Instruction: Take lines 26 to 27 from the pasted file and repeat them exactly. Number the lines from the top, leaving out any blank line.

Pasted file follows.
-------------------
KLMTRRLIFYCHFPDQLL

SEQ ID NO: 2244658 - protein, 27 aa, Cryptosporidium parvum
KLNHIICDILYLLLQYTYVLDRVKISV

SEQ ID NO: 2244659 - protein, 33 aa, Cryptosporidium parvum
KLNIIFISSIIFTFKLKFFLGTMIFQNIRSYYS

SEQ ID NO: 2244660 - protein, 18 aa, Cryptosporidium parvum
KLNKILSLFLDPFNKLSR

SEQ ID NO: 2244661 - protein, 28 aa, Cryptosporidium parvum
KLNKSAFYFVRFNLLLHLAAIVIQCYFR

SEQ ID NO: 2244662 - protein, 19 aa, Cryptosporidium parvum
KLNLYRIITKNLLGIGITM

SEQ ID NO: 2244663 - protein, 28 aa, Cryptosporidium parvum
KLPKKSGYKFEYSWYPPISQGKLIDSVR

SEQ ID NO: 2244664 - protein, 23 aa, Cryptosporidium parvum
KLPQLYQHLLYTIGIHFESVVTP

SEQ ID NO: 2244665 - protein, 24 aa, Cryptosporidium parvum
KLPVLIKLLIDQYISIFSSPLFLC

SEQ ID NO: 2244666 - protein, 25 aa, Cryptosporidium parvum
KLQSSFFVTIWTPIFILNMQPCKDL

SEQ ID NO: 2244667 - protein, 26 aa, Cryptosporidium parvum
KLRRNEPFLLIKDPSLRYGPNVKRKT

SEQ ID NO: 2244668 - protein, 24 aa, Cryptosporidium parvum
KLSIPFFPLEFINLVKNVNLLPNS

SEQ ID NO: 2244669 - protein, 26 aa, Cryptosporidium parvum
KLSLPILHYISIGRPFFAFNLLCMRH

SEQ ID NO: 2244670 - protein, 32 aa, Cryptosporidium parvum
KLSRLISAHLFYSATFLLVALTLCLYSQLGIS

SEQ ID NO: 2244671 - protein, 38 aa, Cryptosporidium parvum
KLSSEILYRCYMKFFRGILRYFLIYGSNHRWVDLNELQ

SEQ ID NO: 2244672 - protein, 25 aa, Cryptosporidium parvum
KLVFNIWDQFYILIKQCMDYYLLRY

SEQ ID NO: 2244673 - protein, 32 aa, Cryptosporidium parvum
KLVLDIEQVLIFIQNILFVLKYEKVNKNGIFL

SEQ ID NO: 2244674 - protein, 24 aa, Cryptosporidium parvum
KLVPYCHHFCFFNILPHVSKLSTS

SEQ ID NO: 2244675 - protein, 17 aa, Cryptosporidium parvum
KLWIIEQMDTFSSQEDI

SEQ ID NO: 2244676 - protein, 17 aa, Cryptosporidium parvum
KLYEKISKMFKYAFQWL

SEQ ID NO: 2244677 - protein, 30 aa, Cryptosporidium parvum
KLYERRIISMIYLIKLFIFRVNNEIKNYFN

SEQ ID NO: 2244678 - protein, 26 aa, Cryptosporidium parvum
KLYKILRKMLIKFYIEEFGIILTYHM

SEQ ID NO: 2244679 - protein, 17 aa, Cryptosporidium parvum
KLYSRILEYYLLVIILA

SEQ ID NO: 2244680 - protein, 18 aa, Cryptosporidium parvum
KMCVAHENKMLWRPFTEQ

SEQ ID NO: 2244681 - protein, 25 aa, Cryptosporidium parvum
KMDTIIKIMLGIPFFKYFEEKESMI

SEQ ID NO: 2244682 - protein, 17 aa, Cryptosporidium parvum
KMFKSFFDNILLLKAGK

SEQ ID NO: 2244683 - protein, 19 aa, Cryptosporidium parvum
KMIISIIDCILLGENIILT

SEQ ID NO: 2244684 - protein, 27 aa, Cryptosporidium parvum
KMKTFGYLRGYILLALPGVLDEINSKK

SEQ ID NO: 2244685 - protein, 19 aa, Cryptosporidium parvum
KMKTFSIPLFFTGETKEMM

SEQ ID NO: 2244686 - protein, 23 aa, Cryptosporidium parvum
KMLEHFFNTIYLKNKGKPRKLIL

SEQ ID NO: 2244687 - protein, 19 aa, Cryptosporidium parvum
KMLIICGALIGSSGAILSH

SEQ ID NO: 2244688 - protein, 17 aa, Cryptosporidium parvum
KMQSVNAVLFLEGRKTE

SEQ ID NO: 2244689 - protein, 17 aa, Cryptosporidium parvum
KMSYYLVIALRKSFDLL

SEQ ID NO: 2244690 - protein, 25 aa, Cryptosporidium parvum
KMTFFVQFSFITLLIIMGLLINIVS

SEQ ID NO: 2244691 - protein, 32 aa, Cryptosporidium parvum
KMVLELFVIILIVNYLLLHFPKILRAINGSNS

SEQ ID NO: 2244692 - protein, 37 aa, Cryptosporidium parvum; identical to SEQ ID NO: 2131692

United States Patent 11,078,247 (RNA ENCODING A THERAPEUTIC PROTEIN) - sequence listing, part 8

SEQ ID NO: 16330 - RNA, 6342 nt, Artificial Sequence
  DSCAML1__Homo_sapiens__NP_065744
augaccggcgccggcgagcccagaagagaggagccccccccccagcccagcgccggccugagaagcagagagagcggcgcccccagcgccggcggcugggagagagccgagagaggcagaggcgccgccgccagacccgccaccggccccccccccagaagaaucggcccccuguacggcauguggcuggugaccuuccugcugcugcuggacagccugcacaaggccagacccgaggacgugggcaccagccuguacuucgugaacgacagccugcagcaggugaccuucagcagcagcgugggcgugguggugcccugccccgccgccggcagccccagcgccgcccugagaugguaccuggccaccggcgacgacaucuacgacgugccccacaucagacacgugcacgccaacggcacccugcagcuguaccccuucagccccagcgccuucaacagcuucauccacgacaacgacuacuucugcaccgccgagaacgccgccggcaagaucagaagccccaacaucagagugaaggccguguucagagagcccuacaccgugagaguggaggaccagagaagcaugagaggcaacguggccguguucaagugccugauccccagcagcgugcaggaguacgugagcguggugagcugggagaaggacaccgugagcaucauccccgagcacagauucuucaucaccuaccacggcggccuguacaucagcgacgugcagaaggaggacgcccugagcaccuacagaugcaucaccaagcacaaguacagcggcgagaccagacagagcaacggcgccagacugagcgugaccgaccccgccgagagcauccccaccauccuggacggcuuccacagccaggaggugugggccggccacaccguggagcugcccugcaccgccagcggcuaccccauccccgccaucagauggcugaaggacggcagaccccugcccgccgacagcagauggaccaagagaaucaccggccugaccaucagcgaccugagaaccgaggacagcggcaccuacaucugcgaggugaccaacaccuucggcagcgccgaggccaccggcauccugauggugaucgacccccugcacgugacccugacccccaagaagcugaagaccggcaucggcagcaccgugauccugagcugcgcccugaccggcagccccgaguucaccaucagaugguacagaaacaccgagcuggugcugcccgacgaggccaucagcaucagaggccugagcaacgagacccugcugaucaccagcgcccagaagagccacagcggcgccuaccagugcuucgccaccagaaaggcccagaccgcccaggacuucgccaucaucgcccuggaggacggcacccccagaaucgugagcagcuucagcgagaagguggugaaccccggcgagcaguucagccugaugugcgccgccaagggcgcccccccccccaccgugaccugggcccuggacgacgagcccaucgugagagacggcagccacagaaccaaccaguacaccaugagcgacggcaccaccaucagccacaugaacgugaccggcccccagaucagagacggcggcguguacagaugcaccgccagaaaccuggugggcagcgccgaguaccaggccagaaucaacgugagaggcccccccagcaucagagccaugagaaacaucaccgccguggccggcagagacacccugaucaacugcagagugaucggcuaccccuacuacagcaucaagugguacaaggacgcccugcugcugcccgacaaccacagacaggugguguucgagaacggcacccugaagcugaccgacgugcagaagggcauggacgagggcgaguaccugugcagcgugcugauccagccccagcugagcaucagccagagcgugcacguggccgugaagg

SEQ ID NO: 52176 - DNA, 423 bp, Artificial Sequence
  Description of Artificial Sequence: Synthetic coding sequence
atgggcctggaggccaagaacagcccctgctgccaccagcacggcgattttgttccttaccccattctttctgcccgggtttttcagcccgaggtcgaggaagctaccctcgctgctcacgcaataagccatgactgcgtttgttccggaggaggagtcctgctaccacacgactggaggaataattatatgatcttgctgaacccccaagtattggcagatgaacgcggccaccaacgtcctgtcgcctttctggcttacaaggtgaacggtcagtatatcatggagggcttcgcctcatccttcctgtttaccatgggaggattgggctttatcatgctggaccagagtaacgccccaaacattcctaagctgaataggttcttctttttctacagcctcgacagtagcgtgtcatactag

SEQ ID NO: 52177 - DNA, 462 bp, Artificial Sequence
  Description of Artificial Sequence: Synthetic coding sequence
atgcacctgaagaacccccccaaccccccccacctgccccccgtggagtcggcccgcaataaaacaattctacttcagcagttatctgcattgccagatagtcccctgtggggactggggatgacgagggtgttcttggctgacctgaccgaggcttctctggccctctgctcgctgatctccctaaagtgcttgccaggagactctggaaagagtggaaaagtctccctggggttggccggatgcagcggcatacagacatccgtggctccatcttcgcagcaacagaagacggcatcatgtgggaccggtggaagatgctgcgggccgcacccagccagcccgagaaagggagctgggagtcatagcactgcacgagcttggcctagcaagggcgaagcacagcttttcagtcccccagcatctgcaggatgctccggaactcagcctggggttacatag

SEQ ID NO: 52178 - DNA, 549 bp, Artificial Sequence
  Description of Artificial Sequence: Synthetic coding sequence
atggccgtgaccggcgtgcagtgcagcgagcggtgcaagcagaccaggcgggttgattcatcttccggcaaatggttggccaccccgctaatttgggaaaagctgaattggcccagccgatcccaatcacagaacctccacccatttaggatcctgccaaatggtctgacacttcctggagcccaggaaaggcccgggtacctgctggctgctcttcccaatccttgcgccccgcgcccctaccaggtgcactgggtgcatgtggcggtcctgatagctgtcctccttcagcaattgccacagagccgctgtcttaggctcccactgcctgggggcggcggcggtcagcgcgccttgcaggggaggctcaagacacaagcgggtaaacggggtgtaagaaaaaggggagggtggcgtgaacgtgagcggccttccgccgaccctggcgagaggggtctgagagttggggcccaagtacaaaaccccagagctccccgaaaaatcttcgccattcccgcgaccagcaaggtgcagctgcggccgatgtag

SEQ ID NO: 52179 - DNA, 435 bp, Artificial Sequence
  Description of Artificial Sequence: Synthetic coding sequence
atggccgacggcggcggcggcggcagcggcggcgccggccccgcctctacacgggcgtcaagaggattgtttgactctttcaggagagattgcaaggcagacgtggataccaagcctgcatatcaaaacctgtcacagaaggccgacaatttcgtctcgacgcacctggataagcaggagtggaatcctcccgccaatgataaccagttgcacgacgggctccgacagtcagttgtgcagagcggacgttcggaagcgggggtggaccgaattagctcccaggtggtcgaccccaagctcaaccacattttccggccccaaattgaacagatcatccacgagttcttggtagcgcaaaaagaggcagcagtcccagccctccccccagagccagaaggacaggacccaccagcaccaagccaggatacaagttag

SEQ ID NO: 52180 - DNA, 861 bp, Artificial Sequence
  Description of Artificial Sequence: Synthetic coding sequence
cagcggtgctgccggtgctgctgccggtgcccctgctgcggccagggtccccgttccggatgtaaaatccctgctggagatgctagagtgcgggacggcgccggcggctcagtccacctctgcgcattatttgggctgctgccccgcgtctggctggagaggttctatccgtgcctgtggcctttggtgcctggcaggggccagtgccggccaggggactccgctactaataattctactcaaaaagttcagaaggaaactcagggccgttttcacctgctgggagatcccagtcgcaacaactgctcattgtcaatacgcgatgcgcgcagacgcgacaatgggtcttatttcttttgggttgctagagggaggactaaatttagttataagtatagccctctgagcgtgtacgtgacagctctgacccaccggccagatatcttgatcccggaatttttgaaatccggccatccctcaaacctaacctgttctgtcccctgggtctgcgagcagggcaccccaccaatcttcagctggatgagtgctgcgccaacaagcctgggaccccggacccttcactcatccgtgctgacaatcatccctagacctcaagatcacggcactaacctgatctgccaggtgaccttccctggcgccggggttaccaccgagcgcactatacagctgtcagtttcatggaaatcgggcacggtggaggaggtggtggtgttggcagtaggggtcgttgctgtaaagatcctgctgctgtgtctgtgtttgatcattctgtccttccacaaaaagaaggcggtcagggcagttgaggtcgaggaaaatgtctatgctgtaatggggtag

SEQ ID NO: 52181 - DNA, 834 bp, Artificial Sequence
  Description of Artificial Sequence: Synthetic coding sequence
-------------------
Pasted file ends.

SEQ ID NO: 2244670 - protein, 32 aa, Cryptosporidium parvum
KLSRLISAHLFYSATFLLVALTLCLYSQLGIS